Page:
I had a look at the Wielenberg Faith and Philosophy paper, and one problem jumps out at me. For moral properties to do the work we expect them to do, they have to be causal properties. Something being right has to at least potentially play a role in my doing what is right. But even if there are these moral properties, they aren't physical, and if all causation is physical, then these properties can't affect my behavior without violating the causal closure of the physical. In theism is true, then these moral properties can be at least possibly causally relevant. So we have, I think, still a reason for choosing a theistic account over a non-theistic one. To paraphrase Lewis, "Even if moral truths exist, what exactly have they got to do with the occurrence of a right decision as a psychological event?"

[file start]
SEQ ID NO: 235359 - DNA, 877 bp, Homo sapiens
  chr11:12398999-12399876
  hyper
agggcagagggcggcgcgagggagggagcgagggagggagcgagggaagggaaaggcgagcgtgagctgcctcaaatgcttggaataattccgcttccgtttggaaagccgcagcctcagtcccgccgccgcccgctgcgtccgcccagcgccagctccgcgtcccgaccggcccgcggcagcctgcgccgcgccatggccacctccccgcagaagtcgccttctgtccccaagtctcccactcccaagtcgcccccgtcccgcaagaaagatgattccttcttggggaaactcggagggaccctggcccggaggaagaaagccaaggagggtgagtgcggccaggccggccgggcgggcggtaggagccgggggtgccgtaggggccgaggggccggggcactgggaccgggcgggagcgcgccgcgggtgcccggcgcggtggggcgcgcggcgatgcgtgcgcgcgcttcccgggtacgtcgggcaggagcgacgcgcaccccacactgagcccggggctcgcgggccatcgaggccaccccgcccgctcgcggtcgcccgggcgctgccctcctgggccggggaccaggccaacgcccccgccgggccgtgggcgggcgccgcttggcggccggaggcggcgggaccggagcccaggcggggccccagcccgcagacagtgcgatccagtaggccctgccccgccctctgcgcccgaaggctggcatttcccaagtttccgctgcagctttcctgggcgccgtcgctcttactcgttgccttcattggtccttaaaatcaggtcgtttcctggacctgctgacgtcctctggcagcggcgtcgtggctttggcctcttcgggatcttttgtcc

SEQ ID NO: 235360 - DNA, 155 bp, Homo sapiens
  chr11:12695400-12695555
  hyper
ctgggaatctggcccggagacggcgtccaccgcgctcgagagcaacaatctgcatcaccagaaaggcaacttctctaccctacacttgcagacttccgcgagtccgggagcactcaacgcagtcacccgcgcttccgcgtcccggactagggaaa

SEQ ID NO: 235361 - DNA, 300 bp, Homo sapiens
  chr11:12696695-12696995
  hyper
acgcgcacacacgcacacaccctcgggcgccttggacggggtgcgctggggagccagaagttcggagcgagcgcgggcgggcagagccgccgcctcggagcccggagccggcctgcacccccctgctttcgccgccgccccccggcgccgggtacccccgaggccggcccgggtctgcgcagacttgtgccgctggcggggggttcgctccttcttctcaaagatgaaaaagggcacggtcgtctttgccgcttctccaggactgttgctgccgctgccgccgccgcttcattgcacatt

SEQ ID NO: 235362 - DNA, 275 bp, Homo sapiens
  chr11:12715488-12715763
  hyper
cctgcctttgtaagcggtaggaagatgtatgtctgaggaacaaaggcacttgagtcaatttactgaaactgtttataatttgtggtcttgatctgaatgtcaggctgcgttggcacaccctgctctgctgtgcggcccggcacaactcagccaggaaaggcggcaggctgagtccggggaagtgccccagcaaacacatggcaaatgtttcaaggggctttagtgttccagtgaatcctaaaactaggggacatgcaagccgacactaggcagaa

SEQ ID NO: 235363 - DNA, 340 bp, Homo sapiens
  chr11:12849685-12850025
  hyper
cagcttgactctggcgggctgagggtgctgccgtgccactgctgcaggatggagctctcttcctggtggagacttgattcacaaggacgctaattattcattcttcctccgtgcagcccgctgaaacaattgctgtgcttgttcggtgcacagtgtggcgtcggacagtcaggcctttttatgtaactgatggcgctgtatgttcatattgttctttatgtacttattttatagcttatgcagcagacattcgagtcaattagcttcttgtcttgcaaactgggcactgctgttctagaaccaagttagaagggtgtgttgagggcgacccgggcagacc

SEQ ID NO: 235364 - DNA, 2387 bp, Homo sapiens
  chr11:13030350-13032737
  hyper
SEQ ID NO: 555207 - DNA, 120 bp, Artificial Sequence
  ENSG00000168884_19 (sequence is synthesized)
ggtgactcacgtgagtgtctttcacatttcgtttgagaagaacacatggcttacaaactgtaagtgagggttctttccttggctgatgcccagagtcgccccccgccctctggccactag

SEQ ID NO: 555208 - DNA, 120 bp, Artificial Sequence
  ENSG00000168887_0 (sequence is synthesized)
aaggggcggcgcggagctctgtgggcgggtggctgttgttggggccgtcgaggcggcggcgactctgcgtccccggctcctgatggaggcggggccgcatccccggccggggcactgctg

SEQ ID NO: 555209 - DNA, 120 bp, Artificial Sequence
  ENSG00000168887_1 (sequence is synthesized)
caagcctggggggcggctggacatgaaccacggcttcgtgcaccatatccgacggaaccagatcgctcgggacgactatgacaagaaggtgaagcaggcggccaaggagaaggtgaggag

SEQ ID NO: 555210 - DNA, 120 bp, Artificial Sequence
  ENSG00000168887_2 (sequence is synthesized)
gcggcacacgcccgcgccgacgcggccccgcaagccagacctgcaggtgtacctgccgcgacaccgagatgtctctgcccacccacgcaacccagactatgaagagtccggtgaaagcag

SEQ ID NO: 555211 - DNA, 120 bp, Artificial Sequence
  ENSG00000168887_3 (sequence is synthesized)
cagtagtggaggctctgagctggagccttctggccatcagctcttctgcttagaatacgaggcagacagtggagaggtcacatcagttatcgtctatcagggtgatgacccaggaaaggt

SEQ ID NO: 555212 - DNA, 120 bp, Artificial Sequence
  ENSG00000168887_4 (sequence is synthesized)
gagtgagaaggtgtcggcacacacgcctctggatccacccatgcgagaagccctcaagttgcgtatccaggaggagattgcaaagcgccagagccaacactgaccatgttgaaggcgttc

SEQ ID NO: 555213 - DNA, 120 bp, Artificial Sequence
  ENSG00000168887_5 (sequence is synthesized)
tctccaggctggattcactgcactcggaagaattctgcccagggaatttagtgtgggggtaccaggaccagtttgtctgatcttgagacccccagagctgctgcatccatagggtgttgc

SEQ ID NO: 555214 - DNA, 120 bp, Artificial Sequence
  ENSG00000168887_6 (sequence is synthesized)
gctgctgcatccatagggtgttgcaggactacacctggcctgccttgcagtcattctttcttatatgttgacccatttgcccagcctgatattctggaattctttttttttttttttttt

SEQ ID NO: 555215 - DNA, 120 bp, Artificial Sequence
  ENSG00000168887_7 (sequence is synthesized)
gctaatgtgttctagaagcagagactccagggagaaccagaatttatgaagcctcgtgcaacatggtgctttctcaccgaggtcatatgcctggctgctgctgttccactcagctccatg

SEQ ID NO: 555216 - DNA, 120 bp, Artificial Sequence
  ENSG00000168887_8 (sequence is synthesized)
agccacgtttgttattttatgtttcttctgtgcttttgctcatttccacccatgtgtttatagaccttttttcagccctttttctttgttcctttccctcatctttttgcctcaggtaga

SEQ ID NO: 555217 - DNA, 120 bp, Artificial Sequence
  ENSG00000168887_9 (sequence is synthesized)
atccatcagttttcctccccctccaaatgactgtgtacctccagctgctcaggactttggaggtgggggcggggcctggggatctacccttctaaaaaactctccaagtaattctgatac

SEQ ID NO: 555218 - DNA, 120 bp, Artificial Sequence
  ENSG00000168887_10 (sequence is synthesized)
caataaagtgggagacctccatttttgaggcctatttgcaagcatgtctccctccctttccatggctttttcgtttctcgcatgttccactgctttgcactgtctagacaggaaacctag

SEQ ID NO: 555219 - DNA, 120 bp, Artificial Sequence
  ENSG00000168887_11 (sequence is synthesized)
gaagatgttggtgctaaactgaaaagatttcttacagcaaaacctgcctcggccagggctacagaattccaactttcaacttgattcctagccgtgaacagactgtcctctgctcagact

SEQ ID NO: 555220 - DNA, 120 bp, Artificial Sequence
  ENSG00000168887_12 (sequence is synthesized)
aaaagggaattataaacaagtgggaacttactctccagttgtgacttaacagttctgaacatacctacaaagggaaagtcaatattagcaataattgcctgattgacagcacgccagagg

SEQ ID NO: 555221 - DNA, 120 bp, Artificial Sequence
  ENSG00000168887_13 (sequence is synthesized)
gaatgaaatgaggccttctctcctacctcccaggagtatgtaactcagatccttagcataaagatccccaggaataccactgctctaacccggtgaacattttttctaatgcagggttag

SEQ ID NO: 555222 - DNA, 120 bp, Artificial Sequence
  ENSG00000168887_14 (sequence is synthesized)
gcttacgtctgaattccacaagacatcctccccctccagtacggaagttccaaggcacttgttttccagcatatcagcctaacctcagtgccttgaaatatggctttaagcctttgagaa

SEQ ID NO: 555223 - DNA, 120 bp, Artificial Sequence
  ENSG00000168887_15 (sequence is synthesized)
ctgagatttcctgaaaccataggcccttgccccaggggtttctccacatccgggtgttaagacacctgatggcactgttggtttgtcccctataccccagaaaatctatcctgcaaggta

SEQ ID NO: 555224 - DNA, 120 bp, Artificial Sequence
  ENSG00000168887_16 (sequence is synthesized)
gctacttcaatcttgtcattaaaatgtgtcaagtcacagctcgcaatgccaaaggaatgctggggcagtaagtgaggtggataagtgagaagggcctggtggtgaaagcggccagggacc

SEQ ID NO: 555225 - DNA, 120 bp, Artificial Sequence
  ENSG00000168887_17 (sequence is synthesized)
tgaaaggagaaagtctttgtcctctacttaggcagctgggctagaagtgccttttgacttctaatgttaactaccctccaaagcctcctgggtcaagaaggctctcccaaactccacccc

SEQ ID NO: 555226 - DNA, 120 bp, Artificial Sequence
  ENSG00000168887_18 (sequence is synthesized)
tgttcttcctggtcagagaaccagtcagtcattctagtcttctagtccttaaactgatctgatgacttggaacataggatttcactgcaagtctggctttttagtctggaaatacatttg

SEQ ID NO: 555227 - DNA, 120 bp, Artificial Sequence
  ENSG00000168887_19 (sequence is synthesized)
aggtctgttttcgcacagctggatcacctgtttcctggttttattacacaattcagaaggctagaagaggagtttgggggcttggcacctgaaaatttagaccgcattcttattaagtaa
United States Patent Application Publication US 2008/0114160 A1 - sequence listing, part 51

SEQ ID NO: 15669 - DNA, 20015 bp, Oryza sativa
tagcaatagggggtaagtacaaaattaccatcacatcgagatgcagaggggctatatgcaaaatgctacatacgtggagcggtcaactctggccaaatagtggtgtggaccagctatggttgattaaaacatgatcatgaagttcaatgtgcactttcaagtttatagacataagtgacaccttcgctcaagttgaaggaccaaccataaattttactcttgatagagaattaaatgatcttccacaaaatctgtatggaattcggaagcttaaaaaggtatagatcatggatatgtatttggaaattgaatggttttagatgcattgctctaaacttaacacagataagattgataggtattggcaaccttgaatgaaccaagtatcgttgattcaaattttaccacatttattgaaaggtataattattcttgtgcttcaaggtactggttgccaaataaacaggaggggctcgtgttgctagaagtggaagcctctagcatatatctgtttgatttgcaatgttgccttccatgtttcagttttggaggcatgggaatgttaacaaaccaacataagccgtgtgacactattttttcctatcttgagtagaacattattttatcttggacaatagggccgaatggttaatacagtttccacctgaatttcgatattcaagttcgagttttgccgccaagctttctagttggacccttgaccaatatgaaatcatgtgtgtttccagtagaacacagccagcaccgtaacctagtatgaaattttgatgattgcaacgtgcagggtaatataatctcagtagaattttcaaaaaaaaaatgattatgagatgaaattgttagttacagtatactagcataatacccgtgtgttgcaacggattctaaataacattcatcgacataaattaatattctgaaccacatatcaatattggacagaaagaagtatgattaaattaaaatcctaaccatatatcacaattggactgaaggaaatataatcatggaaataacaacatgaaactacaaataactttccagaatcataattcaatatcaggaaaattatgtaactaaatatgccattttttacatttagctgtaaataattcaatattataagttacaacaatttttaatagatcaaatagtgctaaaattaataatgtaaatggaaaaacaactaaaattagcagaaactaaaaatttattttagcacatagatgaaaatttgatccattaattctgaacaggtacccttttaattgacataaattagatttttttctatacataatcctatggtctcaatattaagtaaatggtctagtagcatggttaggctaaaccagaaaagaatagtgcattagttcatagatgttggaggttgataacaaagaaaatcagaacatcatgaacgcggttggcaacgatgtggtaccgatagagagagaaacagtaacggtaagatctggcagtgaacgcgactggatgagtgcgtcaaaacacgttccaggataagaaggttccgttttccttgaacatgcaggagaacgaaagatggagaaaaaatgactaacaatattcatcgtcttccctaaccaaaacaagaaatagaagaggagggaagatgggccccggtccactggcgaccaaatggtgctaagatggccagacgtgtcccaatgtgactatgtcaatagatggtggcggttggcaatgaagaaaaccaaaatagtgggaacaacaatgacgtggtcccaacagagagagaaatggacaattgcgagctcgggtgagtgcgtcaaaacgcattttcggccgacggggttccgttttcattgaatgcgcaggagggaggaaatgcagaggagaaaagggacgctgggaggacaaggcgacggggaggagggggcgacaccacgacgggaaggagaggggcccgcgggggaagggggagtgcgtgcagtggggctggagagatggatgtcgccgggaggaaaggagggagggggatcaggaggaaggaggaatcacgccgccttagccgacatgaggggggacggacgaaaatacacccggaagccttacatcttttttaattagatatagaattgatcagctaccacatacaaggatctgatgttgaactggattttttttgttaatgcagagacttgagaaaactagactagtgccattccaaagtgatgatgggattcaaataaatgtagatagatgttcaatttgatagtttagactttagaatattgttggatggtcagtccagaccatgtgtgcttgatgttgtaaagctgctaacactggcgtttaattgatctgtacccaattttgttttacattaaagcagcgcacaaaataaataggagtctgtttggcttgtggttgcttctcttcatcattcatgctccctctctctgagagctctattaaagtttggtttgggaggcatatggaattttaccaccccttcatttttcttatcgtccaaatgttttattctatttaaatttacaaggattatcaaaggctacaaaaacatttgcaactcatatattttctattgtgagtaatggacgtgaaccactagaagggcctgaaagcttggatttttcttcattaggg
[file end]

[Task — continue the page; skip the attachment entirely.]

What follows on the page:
Lewis's moral argument in Miracles chapter 5 emphasizes the causal role of morality, though it is not as apparent Mere Christianity.
Wielenberg's paper is here, Lowder's recommendation of Wielenberg is here.